I got home at 8:00, pulling in the parking lot when porchlights cut on.

Currently Reading: Queen, Suzanne Crain Miller

Support Relief for Family Suffering at the Border  – RAICES DONATION CAMPAIGN

You got to tell me brave captain, why are the wicked so strong, how do the angels get to sleep, when the devil leaves the porchlight on.

Tom Waits


Coffee Log, Year 2, Day 195

Hi.

Coffee:  Maxwell House Master Blend, Office Coffee

I was going to write another ghost story, but the world’s too tired for the ghosts to get out of the grave.

Robert Mugabe died today. If I said that sentence out loud in the biggest square in Cary, maybe ten people would know who I’m talking about. In another world corner, a separate continent, Robert Mugabe is a known name and a mixed bag.

He came to power in what would become Zimbabwe. A freedom fighter, he led largely black African armies in the fight to decolonize their own country. He won. In the new Democracy, he was elected head of state. He set out education reforms. Those reforms stuck so much that just this week there are Zimbabwen immigrants getting the best tech jobs in South Africa. And, as it happens, there are frantic South Africans blaming these immigrants for their own unfair lot in life and stoning them, sometimes literally.

All things change. This is especially true for people.

Mugabe got hungry over the years. He wanted to hold onto his power and started committing abuses. He rigged elections, fed fear to his populist base. At one point, he participated in ethnic cleansing. But the great tip of the spear on which he’d impale himself was a program of reclamation – he urged black Zimbabwen farmers to take lands from the white landowners, even by force. After international outcry, condemnation, he was eventually ousted from power, but this took 40 years. By all accounts, many people died under Mugabe’s rule. Like all people, he wasn’t always good.

I get this tick when pundits talk about ‘Africa.’ They say ‘Africa’ first and then they mention the country, if they mention it at all. This isn’t equal to other reporting. No-one starts with ‘North America’ when they’re about to talk on the United States. And even more nationally populous places like Europe give their countries first order – nightly news knows how to mouth the sounds for ‘France.’

This matters – to us, Africa is always the ‘other.’ It is one gray lump of undefined boundaries. It’s the place where ‘those’ people live, the holding cells for pure dark skin, the graveyard of old desires that ran in all our white western families to hold the reigns to other humanities, to bathe ourselves in someone else’s sweat and blood.

Robert Mugabe died not a good man, but not a wholly bad man either. His deeds brought both freedom and disaster. But in the end I’m not the man to judge him. I don’t know Zimbabwe the way her sons and daughters do. So instead I sit and listen to the radio plays, the ways my people talk about him, the sounds of our assumptions, the subtle knife cutting holes in the globe and carving out Africa – something we can covet, but never warmly touch.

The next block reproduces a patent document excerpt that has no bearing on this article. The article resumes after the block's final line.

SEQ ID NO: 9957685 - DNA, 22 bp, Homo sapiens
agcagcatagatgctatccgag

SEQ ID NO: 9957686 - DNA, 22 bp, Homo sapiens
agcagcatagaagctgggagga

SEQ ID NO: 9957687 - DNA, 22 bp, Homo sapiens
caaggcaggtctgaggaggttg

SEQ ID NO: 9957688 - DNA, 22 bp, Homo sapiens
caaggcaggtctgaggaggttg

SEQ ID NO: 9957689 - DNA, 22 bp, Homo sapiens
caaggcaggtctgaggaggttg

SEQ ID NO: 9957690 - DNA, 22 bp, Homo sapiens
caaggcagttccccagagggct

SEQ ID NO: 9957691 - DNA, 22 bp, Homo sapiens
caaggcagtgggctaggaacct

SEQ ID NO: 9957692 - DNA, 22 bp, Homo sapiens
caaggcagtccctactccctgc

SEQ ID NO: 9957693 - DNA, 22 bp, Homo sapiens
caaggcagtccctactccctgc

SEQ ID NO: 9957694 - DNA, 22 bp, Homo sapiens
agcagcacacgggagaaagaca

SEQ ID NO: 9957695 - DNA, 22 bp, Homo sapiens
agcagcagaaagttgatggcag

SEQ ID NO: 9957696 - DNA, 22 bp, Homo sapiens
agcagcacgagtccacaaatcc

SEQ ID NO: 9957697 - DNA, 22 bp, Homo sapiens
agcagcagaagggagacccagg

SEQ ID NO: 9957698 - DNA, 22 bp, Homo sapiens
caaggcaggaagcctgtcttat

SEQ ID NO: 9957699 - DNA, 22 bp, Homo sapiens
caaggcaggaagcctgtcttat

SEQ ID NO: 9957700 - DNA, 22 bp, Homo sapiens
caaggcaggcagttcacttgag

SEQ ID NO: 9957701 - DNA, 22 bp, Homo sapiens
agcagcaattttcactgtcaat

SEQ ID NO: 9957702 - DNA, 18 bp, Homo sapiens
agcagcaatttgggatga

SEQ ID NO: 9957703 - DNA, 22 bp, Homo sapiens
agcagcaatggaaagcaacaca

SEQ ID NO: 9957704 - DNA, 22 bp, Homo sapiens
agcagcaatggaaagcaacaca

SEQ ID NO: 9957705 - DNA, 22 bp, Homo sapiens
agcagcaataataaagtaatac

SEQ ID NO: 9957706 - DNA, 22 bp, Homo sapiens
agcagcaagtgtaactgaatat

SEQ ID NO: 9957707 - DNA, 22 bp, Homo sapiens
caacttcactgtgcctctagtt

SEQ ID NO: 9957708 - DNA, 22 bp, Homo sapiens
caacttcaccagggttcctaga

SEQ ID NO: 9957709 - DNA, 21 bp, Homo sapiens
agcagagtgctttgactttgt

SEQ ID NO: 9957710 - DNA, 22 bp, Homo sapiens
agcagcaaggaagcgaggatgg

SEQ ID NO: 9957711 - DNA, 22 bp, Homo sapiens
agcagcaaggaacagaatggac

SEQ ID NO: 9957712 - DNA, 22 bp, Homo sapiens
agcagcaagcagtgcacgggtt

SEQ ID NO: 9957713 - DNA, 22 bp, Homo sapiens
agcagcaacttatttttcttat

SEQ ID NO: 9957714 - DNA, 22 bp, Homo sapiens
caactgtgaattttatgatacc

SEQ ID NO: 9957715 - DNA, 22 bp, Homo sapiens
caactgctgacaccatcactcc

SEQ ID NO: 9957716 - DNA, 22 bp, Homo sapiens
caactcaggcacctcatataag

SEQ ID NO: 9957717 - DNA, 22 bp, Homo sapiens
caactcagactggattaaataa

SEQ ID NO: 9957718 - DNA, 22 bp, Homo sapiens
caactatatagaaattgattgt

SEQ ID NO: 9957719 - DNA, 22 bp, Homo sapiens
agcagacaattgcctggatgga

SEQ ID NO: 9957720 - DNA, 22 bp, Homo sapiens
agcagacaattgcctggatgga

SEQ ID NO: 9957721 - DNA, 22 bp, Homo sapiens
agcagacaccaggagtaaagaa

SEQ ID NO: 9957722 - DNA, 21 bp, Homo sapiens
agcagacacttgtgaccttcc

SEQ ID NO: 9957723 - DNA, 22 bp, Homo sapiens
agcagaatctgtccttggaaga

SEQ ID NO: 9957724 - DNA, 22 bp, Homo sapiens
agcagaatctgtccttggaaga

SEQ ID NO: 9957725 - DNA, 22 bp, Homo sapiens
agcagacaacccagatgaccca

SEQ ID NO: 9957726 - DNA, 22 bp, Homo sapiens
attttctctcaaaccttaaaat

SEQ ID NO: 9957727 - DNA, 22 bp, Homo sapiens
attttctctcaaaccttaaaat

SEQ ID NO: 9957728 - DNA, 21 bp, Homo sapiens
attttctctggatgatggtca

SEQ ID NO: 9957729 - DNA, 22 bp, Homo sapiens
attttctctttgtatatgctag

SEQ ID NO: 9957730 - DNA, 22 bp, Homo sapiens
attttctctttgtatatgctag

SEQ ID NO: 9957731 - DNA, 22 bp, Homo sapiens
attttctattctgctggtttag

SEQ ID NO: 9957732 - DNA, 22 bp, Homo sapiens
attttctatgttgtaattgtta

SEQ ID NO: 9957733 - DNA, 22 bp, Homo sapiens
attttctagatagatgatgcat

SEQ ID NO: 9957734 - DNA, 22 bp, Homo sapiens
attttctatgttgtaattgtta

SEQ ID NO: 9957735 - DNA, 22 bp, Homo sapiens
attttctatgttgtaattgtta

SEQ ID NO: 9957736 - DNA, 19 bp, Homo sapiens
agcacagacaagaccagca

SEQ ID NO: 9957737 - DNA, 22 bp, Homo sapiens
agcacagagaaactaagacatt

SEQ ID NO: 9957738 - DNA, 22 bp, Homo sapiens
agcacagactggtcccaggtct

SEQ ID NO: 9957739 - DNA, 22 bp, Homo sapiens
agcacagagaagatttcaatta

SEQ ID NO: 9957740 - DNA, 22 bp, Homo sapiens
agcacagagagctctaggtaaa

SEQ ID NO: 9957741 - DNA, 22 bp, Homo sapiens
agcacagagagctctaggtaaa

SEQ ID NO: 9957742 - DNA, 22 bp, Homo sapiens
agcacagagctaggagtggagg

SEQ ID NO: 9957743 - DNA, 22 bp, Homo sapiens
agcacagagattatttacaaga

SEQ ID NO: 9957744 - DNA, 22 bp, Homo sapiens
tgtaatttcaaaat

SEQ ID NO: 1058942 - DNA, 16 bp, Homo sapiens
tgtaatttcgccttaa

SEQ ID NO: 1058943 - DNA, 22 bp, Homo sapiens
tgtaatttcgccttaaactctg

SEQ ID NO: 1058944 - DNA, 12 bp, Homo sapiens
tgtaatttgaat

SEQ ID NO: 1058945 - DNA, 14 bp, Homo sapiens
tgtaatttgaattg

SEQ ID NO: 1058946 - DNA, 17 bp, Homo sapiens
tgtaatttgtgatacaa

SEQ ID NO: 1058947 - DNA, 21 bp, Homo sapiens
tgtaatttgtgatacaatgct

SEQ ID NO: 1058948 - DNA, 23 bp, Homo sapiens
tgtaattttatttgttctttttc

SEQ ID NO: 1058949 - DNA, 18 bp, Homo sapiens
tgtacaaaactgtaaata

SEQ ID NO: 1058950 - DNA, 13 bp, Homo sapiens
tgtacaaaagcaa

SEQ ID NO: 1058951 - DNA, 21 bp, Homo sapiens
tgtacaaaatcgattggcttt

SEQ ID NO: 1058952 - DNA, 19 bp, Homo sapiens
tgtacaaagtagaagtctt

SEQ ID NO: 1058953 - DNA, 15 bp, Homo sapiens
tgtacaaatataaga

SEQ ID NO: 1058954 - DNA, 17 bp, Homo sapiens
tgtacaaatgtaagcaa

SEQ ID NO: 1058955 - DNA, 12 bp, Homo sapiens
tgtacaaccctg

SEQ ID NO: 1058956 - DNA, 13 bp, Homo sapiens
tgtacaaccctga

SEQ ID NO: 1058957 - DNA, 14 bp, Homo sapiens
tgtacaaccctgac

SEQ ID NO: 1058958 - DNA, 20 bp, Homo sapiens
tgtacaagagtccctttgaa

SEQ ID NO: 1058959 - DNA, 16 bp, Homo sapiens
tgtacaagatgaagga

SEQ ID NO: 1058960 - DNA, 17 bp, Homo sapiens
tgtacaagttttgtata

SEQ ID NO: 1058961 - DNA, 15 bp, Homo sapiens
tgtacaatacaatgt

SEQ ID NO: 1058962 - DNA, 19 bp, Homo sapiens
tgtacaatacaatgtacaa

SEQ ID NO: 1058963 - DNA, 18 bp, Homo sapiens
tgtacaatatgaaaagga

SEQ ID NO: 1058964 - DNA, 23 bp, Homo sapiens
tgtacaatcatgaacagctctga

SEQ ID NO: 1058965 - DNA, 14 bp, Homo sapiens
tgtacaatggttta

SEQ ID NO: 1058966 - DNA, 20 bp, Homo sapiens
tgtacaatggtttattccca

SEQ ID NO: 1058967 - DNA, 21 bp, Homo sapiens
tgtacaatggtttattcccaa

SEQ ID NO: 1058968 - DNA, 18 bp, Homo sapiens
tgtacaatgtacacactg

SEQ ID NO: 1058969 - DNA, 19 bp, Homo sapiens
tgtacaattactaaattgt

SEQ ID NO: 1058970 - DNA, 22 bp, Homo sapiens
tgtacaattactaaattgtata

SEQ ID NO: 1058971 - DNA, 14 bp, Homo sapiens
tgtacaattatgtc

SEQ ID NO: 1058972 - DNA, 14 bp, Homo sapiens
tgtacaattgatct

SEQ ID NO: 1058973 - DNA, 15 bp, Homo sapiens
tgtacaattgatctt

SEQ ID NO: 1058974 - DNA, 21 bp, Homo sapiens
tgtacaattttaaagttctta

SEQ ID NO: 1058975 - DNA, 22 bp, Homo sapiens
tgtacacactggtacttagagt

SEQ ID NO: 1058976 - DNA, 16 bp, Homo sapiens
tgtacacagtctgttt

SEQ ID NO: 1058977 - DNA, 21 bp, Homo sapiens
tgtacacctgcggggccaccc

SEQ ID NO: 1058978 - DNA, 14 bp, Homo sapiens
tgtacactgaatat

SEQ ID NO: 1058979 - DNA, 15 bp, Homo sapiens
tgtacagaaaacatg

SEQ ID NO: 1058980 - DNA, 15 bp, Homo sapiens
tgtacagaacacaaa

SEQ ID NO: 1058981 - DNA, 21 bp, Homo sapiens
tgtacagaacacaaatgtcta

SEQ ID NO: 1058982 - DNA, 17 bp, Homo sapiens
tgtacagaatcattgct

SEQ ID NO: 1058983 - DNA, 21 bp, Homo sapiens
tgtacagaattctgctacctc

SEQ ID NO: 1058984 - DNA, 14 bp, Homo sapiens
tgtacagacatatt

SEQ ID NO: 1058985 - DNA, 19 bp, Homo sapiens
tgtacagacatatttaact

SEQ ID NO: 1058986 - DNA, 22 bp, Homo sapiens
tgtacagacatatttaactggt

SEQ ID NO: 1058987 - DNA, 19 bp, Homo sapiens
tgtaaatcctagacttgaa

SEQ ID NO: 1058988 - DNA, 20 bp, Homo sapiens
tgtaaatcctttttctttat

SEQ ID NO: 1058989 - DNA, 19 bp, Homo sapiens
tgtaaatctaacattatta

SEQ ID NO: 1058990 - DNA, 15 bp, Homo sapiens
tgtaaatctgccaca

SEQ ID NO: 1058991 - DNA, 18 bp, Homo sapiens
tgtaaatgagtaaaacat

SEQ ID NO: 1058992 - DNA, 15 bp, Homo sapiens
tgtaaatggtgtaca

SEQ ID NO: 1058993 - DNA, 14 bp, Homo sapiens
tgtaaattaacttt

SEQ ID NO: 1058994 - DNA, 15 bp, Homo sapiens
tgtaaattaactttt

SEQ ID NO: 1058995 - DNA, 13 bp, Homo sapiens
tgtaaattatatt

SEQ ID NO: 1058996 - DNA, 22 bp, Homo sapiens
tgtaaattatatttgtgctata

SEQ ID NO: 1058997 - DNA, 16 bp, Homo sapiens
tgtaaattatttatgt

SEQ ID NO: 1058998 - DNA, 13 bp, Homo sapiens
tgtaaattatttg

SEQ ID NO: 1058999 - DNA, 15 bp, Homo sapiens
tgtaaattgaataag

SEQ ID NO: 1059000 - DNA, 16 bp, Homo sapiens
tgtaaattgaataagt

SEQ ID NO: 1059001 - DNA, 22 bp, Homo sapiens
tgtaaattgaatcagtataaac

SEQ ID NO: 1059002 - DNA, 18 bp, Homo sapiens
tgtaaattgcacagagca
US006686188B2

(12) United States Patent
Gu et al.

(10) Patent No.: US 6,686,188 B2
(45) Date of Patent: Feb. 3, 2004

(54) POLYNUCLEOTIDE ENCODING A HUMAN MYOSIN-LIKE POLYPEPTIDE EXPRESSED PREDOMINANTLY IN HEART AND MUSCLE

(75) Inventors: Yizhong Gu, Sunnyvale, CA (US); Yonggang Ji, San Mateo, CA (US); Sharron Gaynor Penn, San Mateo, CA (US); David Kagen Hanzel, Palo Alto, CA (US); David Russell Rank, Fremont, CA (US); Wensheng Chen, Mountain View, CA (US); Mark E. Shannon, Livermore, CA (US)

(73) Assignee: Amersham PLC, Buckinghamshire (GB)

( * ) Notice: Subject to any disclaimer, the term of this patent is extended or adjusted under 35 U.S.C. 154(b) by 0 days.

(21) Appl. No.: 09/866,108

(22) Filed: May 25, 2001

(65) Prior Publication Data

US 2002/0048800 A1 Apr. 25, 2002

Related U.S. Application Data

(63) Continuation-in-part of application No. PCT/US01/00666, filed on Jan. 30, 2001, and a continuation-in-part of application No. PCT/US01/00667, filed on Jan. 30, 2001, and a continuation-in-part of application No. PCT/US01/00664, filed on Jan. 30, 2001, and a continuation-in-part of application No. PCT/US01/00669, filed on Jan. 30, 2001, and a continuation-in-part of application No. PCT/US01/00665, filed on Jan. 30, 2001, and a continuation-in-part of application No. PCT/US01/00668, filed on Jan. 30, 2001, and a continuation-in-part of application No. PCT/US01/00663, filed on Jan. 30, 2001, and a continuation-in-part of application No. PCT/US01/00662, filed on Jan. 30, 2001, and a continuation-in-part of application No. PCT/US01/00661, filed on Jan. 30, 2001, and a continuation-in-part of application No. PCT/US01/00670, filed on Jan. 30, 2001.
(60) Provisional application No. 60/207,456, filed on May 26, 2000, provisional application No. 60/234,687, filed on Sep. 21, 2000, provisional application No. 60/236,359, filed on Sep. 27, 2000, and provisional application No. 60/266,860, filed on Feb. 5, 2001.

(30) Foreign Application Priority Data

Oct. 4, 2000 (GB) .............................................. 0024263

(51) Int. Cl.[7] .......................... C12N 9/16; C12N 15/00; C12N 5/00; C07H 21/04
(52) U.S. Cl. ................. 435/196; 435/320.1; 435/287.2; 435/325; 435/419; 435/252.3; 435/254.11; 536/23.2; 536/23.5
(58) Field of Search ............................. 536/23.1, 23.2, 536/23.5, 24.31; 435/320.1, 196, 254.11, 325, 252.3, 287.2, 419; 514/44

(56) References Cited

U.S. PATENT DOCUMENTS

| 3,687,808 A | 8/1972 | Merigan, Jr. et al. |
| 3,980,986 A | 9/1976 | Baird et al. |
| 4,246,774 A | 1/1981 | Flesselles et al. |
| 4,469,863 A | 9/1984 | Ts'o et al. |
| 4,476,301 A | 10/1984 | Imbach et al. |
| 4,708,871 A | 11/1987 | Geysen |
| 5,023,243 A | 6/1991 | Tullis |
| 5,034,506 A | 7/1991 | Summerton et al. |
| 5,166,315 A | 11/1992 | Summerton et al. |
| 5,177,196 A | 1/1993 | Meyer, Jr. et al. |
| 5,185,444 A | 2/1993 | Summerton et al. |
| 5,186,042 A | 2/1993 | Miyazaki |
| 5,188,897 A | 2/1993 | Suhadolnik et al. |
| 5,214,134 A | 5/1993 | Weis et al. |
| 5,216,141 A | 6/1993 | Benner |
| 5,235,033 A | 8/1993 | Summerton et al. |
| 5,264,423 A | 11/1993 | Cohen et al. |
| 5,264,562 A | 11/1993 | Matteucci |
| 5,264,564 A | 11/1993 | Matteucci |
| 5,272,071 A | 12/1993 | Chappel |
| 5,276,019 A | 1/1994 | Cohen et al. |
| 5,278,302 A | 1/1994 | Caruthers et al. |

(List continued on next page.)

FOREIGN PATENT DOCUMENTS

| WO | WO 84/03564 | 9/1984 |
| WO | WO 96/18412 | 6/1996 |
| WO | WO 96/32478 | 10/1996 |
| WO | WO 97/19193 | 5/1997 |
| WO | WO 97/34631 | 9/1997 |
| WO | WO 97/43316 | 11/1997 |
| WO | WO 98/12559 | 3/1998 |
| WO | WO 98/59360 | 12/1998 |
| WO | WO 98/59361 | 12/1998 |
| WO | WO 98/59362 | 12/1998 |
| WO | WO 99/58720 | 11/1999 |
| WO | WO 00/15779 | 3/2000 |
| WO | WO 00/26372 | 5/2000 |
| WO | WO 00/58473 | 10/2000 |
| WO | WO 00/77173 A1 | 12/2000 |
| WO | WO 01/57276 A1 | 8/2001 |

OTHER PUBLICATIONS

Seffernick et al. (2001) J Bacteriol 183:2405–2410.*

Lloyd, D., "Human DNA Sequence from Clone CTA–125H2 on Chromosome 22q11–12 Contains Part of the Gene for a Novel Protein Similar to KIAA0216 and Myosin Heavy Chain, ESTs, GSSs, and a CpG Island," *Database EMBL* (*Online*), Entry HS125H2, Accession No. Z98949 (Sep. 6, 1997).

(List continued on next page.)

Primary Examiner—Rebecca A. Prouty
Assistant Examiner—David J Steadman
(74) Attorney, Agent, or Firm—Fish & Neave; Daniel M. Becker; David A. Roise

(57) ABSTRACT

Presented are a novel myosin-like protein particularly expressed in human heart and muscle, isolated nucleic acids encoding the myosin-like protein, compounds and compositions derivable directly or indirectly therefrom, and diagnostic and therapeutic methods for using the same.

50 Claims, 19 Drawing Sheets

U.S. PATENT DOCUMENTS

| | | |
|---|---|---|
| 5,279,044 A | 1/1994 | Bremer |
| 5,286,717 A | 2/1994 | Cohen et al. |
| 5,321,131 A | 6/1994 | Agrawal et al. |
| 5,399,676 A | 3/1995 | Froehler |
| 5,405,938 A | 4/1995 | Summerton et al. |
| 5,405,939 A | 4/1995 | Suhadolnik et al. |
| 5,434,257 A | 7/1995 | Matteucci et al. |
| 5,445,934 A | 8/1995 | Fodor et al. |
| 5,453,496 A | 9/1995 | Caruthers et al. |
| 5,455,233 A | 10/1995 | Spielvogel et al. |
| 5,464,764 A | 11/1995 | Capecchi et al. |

Currently Reading: Queen, Suzanne Crain Miller

Support Relief for Family Suffering at the Border  – RAICES DONATION CAMPAIGN

How can these countries who have stolen land from the Red Indians, the Aborigines, the Eskimos dare to tell us what to do with our land?

Robert Mugabe

Coffee Log, Year 2, Day 194

Hi.

Coffee:  Maxwell House Master Blend, Office Coffee

There’s a man in a long tweed coat walking hundreds of miles to meet me. He’s got a long stride. He keeps his hands in his pockets with bent elbows. He keeps his hair tied up in a wide-brim hat. Nobody knows how long it is.

On his coat he’s woven pictures. They’re scattered like tattoos. Bright white fishes spring like chickens on the hem, dancing wildly around underwater mountains. His back is seabirds, and he’s fixed old wet trees around his loin. The tweed coat is so expansive there’s no limit to what it can capture. On his left shoulder is a small picture, two children, a torn down house, and gray rising water.

There are rumors: some say the man was born just one week ago, others say they’ve seen him for a hundred years. He’s the kind of character that creates stories in dark bars or the backseats of fast-moving cars as they hurry away from something. Like all stories, he slips in and out of different colors as he’s passed along.

I heard a story about hurricanes on NPR. It said that as the world warms the trade winds weaken, so big dark storms will move slower and with more force. Hearing that made me think about a paper mill I used to pass riding with my parents on the way to South Carolina, the way it stank like scared animals, and the heavy white cloud that cast off from the factory, rising through the atmosphere, angry at having been kept cooped up for so long.

Right now, the man’s walking around Wilmington. He’s reaching out his long, sweat-thick fingers. He might not find me – I’m good at hiding – but he’ll leave his mark, making sure I can’t forget that he’s here.

Currently Reading: Queen, Suzanne Crain Miller